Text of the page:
The Great Debate: What to Get Your Teachers for the Holidays


Professor X/Student Y, Wildcat Guest Writer/Staff Writer

Professor X:

Picture this. You’re a teacher. The weather is getting colder, the classroom temperature is set at a homey 72 degrees, those beloved winter spirit days are about to be in your rearview as winter break approaches, and one of your sweet students hands you a cactus and says, “have a great Christmas Professor X.” A cactus. This kid just handed you a cactus and skipped out of your classroom, smiling like a gleeful elf. By now you probably realize that this scenario indeed happened. I didn’t quite know what to do with the cactus. Do I set in on my desk? Do I read into it as some sort of metaphor? Does it produce aloe? Is it edible? I decided to keep it and proudly display it by my computer. The next several months created an undue amount of stress. How much water does a cactus need? They live in the desert, which is a far cry from my classroom. Should I return it to its natural habitat? Can you water a cactus too much? Then it happened-it died. I killed a cactus; a plant so hearty that it can survive in some of the harshest climates this world has to offer. Sadly, my classroom proved uninhabitable for this innocent specimen of desert flora. This brings me to the point of this article: the unwritten rules of student gift-giving.

Rule 1: Don’t give something that can die to a teacher. My story is proof and it will always haunt me.

Rule 2: Baked goods. This one is tricky. While thoughtful, baked goods can cause suspicion. Is this student trying to poison me? Might they be trying to get me high? Did they wash their hands? Most of the time, I eat a bite or two in front of the student and then bring them to a Christmas party to give to the host.

Rule 3: Gift cards: Who doesn’t like a gift card? In ancient times, kings received money from peasants to pardon crimes and to seek royal favor. I view gift cards in the same way. The only difference is that I don’t offer pardons or favors.

Rule 4: Pictures. Hmm. You gave me a picture of yourself. What do I do with it? I can hang it up and look like I’m favoring you or I can not hang it up and make it look like I loathe you. I am sure there is some middle ground here, but I haven’t found it. I typically hang the pictures on my wall, which sort of ends up looking like some sort of cultish hall of fame or awkward harem.

Rule 5: Cards. This is usually your safest bet. Give your teacher a card and thank them for a good semester. Perhaps share a short anecdote with them. Don’t apologize for being a punk or offer some sort of odd confession. Keep it concise. Also, don’t have your parents write it. We know your handwriting and it’s not as nice as your mom’s.

In hindsight, these are not so much rules as they are insights into the bizarre world of your teacher’s minds. I think all teachers appreciate gifts. At the end of the day, teachers are people too (weird thought, I know) and they enjoy recognition and thoughtfulness just as much as the next person. Just don’t give them something that puts them in an uncomfortable position. However, if you want to exact revenge for the stress they’ve caused you, give them a cactus. It will keep them up at night.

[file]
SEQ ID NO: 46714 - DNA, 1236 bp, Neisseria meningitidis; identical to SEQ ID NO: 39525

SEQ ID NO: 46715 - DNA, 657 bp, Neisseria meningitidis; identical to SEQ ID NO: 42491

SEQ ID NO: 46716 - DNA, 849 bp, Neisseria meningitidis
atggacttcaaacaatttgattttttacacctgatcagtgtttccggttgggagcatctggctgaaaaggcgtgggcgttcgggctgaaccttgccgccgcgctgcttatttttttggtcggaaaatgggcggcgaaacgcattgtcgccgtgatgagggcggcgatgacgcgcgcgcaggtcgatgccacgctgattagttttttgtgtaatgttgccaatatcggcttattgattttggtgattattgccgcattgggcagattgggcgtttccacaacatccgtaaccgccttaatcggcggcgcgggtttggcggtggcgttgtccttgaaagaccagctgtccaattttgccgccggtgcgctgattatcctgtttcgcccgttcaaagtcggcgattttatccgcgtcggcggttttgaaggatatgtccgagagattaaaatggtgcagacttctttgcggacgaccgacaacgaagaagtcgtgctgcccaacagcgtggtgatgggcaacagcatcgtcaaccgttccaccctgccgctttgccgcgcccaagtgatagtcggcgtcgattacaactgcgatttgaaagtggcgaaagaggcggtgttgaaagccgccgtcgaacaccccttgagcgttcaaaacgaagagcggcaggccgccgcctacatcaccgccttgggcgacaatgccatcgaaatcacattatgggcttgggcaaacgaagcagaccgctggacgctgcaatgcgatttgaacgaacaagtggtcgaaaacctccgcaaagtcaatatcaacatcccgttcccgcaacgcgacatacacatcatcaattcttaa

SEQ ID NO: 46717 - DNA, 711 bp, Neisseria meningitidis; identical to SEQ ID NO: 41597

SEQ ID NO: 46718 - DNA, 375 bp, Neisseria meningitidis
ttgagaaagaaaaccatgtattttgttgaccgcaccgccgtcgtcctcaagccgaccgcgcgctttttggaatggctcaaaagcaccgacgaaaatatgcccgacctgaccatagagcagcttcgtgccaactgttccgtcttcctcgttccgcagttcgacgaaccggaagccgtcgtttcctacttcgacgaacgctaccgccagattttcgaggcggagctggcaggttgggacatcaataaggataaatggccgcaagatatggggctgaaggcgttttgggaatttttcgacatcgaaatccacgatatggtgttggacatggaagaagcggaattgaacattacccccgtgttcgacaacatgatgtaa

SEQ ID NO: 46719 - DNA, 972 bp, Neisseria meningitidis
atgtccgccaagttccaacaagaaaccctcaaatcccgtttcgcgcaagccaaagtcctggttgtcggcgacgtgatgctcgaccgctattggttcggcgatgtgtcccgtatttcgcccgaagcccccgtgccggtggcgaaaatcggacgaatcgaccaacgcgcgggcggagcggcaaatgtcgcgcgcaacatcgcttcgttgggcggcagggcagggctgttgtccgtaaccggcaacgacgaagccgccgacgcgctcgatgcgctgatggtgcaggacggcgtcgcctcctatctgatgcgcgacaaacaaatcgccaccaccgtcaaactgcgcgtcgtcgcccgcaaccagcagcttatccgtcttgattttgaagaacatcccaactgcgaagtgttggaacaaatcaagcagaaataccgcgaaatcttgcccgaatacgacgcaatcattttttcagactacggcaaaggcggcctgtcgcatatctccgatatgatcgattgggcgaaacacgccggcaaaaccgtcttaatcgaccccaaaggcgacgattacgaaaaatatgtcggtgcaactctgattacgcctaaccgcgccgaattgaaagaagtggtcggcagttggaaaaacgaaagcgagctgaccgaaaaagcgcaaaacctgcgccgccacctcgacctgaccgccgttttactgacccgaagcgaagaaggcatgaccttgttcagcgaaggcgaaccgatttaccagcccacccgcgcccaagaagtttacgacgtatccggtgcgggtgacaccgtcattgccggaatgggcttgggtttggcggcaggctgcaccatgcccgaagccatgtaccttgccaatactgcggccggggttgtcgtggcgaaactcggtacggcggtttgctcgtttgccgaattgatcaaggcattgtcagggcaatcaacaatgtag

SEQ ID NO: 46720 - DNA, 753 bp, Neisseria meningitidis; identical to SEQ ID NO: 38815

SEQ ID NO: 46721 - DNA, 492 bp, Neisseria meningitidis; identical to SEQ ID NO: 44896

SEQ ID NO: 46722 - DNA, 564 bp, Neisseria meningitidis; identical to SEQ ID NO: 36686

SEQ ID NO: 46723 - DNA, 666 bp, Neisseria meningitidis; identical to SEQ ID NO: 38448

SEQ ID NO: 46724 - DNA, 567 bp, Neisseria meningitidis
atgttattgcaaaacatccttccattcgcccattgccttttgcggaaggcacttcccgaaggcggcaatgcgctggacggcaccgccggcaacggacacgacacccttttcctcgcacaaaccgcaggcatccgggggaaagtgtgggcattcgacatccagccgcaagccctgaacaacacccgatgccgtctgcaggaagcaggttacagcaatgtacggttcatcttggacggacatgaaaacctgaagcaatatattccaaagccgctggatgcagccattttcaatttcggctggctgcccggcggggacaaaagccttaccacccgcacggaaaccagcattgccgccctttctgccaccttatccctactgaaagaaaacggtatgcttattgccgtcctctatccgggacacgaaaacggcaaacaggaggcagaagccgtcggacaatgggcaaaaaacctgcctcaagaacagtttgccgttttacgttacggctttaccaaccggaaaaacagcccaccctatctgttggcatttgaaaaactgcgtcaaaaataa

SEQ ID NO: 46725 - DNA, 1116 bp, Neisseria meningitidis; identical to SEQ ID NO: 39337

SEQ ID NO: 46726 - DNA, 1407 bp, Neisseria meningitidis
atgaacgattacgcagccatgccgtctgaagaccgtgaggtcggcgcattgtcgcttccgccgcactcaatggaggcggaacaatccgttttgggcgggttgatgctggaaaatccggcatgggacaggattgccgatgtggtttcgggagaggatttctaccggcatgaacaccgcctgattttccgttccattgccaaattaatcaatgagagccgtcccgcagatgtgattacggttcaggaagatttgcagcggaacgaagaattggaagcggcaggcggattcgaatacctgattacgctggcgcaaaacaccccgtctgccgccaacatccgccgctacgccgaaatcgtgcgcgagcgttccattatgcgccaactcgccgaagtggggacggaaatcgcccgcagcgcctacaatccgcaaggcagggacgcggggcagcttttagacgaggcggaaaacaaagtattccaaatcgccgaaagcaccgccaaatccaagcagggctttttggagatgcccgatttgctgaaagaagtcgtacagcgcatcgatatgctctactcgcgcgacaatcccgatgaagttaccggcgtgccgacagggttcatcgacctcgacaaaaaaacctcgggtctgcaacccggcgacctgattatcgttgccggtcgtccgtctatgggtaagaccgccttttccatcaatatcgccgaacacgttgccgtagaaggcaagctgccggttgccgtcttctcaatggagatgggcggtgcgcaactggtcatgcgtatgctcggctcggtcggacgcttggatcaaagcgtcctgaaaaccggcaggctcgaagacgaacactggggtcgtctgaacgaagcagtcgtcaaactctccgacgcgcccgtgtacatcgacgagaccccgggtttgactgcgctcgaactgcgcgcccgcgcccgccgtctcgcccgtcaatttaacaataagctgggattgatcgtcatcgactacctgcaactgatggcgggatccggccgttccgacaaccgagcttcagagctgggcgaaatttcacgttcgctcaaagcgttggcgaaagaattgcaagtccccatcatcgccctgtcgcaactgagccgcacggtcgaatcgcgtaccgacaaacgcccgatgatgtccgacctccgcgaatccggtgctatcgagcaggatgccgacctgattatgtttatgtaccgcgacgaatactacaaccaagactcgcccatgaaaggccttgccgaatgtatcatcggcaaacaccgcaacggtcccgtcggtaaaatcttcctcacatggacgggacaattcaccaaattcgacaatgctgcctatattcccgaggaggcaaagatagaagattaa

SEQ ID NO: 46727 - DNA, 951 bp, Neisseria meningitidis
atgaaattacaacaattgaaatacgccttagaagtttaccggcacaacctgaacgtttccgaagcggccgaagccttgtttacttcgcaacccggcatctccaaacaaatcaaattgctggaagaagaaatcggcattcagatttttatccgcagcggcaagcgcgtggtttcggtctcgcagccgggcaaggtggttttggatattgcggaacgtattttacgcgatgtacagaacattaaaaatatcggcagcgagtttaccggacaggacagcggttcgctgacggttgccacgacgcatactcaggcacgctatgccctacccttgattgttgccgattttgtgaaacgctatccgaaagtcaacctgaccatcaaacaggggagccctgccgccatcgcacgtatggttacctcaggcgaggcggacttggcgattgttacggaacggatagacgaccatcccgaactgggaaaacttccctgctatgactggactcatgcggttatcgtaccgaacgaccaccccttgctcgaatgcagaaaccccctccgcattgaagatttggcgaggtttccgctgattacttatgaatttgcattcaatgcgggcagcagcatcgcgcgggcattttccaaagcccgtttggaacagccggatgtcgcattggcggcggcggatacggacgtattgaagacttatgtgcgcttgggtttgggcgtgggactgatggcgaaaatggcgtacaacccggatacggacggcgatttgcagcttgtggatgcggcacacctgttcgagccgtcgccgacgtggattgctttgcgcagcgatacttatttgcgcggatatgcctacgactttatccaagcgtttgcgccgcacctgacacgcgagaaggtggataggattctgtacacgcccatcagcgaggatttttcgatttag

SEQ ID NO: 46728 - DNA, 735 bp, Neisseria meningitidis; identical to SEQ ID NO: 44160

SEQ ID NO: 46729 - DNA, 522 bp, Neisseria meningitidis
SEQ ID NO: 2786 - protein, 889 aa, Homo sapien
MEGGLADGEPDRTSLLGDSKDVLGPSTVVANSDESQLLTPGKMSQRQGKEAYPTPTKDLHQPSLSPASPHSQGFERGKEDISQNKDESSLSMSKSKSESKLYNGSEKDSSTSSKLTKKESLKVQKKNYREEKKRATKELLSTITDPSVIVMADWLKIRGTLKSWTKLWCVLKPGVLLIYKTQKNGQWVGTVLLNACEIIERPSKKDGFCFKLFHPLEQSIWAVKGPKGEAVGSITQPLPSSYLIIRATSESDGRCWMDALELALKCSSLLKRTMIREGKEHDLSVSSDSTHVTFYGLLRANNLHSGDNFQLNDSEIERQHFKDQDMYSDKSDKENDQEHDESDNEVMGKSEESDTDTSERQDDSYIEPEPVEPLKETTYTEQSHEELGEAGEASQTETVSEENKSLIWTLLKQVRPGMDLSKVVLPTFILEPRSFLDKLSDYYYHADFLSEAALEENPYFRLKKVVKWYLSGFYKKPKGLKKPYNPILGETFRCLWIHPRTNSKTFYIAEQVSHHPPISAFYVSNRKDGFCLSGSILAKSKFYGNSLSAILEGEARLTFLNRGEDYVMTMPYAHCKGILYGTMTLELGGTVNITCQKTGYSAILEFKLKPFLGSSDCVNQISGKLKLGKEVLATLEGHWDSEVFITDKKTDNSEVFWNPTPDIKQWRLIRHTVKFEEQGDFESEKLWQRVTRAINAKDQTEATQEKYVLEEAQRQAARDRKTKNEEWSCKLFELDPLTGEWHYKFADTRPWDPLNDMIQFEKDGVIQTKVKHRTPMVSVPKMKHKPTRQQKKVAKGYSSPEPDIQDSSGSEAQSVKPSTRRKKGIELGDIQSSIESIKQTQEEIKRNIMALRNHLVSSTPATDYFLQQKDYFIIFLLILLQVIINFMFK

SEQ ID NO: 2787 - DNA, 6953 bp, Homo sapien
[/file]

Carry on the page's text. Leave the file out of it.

Student Y:

t other schools, perhaps those with less restrictive moral standards, giving teachers gifts is a commonplace, surefire method to jump your grade that extra 0.01% to an A. But not at Dougherty Valley. Thankfully, we have teachers that are not susceptible to bribes. They won’t flinch at even the most fragrant cup of coffee ground from beans painstakingly extracted from an Asian palm civet’s feces or a delicious smoothie blended by colliding mangosteens and African cucumbers, nor will they lose resolve after being offered a 24-karat-diamond-encrusted paperweight of pure gold containing the moonrock that was brought back from Neil Armstrong himself. Trust me, I’ve tried. But seeing this moral fiber in teachers has brought me something even better than a grade bump. You see, I realized that gifts shouldn’t be given for the sake of receiving a gift in return. Instead, they should be given as sincere offers of happiness, celebration, or even condolence. When given with a good intention, a personal gift can mean much more than a diamond-encrusted paperweight. So with the holiday season fast approaching, it seems that teachers will be much more willing to clear a space on their shelves of ‘#1 Teacher’ mugs and drawers full of apple-shaped paperweights to make room for your handmade card referencing an inside joke or your hand-drawn picture of a subject-related visual pun. Whether it be a thank you note spelled out in elements for a chemistry teacher, an equation with a solution that spells out a special message upside-down for an algebra teacher, or a punny historically relevant compliment for a history teacher, a unique, well-thought-out gift seems much more valuable in the eyes of a teacher than something that required little thought or effort. After all, it’s not what’s bought that counts, it’s really the thought that counts.